In Memory of Richard Tucker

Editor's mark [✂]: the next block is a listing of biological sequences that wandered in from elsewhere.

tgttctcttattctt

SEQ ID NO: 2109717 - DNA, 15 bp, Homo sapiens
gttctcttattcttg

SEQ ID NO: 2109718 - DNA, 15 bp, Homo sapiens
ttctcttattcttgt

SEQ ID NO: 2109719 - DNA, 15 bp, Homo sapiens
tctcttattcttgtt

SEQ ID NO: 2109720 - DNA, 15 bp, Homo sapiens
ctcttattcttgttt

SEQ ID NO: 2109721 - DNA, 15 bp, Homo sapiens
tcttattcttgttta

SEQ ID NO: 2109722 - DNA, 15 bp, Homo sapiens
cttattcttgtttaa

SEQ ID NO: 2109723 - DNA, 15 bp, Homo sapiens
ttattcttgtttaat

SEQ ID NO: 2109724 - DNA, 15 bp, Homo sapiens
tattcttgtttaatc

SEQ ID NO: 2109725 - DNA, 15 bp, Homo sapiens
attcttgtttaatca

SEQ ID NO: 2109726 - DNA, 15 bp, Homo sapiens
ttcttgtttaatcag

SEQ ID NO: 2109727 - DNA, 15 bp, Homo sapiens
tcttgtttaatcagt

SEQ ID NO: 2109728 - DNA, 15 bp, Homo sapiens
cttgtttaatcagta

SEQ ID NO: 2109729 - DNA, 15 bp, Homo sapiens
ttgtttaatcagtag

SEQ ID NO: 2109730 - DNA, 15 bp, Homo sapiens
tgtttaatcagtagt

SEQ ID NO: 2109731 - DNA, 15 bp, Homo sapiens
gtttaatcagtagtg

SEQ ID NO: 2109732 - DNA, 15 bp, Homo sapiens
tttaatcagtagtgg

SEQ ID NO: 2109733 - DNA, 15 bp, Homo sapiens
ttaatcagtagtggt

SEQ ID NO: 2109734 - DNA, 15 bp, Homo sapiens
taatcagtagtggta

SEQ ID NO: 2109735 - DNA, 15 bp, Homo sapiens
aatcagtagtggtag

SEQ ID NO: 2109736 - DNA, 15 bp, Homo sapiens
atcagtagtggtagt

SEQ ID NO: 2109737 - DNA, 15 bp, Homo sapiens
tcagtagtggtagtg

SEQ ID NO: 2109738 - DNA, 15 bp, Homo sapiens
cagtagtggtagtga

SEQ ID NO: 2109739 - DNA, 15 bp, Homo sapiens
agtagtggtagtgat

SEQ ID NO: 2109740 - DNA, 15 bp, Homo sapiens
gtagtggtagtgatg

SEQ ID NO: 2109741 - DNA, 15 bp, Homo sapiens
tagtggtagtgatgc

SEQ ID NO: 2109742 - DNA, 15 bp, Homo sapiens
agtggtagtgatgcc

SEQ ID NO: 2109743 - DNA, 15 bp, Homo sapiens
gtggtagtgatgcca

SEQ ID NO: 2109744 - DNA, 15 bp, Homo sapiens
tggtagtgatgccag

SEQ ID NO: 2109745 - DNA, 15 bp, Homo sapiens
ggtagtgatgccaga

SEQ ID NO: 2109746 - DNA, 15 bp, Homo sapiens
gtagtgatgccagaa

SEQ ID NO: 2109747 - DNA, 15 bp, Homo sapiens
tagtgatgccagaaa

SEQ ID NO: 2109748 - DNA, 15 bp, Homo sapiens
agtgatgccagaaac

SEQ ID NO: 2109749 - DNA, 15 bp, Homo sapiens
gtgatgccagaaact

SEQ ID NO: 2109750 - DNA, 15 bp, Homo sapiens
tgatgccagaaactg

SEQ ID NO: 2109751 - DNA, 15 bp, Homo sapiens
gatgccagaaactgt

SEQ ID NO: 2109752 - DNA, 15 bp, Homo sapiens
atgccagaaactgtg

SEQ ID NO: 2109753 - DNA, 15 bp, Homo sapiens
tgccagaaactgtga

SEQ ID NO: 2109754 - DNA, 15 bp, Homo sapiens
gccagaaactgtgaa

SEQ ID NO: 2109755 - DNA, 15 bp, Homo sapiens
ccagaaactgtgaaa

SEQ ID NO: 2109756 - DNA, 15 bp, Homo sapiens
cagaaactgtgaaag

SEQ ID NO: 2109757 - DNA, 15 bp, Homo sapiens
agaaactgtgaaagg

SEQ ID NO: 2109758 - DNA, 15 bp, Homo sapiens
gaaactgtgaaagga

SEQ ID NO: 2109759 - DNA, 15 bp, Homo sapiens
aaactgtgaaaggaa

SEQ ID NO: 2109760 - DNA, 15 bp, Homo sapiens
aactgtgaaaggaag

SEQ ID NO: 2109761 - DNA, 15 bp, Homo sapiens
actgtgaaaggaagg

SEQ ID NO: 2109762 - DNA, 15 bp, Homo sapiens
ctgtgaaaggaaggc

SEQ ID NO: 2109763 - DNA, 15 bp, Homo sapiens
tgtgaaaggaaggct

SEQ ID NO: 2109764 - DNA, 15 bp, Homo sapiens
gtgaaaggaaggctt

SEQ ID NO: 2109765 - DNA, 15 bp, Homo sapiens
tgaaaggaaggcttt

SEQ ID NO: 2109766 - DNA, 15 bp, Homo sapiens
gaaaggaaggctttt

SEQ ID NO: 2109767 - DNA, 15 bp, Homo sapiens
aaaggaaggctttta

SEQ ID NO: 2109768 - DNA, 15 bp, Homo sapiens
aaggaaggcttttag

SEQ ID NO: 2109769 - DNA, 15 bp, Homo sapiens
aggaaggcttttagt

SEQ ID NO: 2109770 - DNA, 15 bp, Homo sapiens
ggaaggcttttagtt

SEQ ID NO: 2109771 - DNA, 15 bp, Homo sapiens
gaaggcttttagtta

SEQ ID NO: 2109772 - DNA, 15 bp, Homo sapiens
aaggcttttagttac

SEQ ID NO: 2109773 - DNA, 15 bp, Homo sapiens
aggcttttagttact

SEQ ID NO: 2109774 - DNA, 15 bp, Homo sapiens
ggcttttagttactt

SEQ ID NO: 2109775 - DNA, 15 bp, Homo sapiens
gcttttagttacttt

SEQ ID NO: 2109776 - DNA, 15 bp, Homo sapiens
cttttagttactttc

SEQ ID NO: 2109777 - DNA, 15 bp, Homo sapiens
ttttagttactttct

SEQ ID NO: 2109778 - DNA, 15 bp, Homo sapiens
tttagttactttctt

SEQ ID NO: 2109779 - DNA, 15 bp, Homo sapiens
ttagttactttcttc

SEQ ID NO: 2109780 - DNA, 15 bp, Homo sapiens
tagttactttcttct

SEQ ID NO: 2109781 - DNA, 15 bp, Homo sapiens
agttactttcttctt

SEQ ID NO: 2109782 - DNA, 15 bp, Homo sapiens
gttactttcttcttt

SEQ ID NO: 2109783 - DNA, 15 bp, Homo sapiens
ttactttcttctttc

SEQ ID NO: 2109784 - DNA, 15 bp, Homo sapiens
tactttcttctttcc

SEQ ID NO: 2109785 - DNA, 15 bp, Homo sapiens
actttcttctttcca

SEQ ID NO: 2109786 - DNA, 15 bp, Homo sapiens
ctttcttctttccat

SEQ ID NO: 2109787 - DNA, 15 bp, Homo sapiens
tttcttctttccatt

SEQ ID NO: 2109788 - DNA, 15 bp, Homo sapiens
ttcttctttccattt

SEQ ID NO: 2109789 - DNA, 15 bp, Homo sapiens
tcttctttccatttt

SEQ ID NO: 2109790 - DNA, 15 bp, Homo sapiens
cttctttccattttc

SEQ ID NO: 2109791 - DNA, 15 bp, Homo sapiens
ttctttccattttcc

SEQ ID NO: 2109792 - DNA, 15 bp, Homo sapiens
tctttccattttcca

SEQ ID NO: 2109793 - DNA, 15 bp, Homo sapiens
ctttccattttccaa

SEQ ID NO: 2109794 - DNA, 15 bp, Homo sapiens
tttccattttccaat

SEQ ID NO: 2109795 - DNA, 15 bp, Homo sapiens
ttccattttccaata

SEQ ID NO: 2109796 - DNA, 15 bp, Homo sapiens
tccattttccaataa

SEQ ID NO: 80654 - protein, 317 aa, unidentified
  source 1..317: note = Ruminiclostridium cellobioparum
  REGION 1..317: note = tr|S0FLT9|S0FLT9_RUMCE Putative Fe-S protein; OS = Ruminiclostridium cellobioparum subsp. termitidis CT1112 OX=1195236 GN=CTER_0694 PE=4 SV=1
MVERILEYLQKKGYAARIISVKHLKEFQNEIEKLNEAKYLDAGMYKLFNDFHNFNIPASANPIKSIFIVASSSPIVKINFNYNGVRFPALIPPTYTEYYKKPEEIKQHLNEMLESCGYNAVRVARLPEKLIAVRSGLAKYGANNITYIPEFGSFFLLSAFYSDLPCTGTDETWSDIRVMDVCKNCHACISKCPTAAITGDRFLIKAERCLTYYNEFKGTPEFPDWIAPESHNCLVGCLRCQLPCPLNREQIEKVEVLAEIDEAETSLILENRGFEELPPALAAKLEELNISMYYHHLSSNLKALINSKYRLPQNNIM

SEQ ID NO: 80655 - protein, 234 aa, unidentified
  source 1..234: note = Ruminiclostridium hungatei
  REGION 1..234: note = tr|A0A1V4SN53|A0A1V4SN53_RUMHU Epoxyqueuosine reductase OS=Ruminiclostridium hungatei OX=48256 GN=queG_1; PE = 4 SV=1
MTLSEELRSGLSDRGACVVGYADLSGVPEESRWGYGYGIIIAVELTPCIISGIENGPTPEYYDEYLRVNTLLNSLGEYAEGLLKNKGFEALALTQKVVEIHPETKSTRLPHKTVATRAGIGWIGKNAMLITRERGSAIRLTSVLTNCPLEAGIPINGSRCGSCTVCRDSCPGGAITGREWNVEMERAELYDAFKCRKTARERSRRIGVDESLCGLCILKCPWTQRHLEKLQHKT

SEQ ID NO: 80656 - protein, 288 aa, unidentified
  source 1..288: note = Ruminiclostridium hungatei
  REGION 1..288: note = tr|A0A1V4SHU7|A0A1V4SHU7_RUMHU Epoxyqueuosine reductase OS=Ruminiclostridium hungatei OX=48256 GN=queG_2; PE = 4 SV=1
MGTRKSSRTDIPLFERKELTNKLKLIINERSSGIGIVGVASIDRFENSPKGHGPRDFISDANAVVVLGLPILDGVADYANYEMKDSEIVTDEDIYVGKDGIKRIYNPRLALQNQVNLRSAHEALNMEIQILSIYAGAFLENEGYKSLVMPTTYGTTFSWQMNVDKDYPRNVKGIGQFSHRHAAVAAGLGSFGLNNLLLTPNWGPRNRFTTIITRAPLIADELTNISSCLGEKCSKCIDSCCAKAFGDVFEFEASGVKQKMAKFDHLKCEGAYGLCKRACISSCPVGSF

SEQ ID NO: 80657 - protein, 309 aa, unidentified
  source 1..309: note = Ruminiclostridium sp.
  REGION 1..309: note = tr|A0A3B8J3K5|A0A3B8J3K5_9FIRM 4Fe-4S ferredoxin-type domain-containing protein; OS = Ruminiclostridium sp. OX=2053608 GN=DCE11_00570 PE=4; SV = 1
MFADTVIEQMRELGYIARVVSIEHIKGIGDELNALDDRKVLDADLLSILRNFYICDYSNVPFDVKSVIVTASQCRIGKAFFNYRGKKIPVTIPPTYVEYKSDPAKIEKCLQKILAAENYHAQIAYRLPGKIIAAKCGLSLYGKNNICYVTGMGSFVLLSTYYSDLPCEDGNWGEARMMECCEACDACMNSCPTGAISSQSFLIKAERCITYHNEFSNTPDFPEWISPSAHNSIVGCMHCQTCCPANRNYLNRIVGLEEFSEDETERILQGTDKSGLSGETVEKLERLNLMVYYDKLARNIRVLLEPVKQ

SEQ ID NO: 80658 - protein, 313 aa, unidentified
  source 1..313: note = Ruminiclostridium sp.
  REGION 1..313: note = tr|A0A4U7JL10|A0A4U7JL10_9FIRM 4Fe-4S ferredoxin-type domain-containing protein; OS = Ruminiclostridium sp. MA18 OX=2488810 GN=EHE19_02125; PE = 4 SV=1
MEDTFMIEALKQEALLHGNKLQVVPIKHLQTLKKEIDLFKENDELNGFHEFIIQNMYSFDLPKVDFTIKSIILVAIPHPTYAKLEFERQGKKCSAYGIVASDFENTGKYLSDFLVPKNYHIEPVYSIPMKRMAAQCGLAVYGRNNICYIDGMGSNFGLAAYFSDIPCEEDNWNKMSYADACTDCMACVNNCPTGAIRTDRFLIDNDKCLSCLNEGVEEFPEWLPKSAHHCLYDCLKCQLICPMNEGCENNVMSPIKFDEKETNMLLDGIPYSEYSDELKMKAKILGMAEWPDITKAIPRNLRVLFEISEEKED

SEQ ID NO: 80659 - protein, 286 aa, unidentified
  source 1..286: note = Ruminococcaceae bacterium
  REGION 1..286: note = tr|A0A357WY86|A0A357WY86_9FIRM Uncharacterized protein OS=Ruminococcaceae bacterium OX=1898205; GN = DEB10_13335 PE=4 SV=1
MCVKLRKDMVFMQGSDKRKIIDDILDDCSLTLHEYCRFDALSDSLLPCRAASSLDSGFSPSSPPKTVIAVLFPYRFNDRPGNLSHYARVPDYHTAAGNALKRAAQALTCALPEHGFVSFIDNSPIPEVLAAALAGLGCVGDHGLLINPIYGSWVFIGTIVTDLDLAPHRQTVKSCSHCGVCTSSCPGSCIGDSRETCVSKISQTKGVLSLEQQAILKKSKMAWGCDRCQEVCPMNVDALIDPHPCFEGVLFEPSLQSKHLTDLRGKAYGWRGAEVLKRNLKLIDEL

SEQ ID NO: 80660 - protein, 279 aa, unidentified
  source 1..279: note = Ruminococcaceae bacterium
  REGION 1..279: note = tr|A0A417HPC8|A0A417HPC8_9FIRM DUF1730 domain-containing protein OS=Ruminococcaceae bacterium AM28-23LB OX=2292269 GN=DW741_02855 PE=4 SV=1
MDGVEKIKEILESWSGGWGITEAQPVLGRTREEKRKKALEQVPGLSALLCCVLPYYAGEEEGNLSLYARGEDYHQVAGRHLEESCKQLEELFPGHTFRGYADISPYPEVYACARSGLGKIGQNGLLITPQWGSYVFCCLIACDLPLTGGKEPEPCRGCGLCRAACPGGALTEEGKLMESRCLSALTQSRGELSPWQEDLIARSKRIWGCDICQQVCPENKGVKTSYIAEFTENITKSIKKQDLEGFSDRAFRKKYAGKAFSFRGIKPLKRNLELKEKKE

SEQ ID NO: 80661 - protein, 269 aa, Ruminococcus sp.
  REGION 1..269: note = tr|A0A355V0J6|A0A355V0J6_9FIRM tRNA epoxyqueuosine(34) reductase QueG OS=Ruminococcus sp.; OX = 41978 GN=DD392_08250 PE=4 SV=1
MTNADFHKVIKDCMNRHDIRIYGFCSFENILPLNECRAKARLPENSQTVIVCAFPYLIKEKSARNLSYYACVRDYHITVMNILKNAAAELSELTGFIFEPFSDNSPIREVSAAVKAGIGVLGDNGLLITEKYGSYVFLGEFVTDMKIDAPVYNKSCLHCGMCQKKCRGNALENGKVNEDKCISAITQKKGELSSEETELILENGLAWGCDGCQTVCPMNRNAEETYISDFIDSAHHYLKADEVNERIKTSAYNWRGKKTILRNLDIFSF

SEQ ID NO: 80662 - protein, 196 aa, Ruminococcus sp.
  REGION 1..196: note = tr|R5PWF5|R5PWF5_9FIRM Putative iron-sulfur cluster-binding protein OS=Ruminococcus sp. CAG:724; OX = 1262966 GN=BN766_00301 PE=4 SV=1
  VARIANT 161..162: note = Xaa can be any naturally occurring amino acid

IN OUR house, during the war, we listened to the radio on Saturday nights, and at ten o’clock, nine o’clock Central Time, on Mutual, there was the Chicago Theater of the Air offering condensations of the great operas and operettas in English. I remember that every week at the beginning of the program the publisher of the Chicago Tribune, Colonel Robert R. McCormick (“a notorious reactionary,” my father said) would deliver a boring history lecture and that the regular soprano, Marion Claire, sang dreadfully (but was, according to my mother, “very beautiful and a very good friend of the Colonel’s”). A reactionary, I gathered, was a menacing person (“certainly no friend of the Jews”), and mistresses, while perhaps not potential anti-Semites, were people a Jewish tenor and “family man” should approach with great caution. So that when I first heard Richard Tucker, as Rudolfo, on that program in 1944, when I was nine, and wept real tears when he sang the final “Mimi, Mimi,” with that pinched poignance which was his characteristic sound and dead center on the G sharp with only a hint of a sob, lie came to me under the sponsorship not only of the Chicago Tribune, but, as it were, my parents, who prompted me to take pride in a Jew’s achievement (“he’s a hazzan, you know, Reuben Ticker”), and to ponder, not for the last time, whether there is something vaguely unkosher in the idea of a Jewish opera star.
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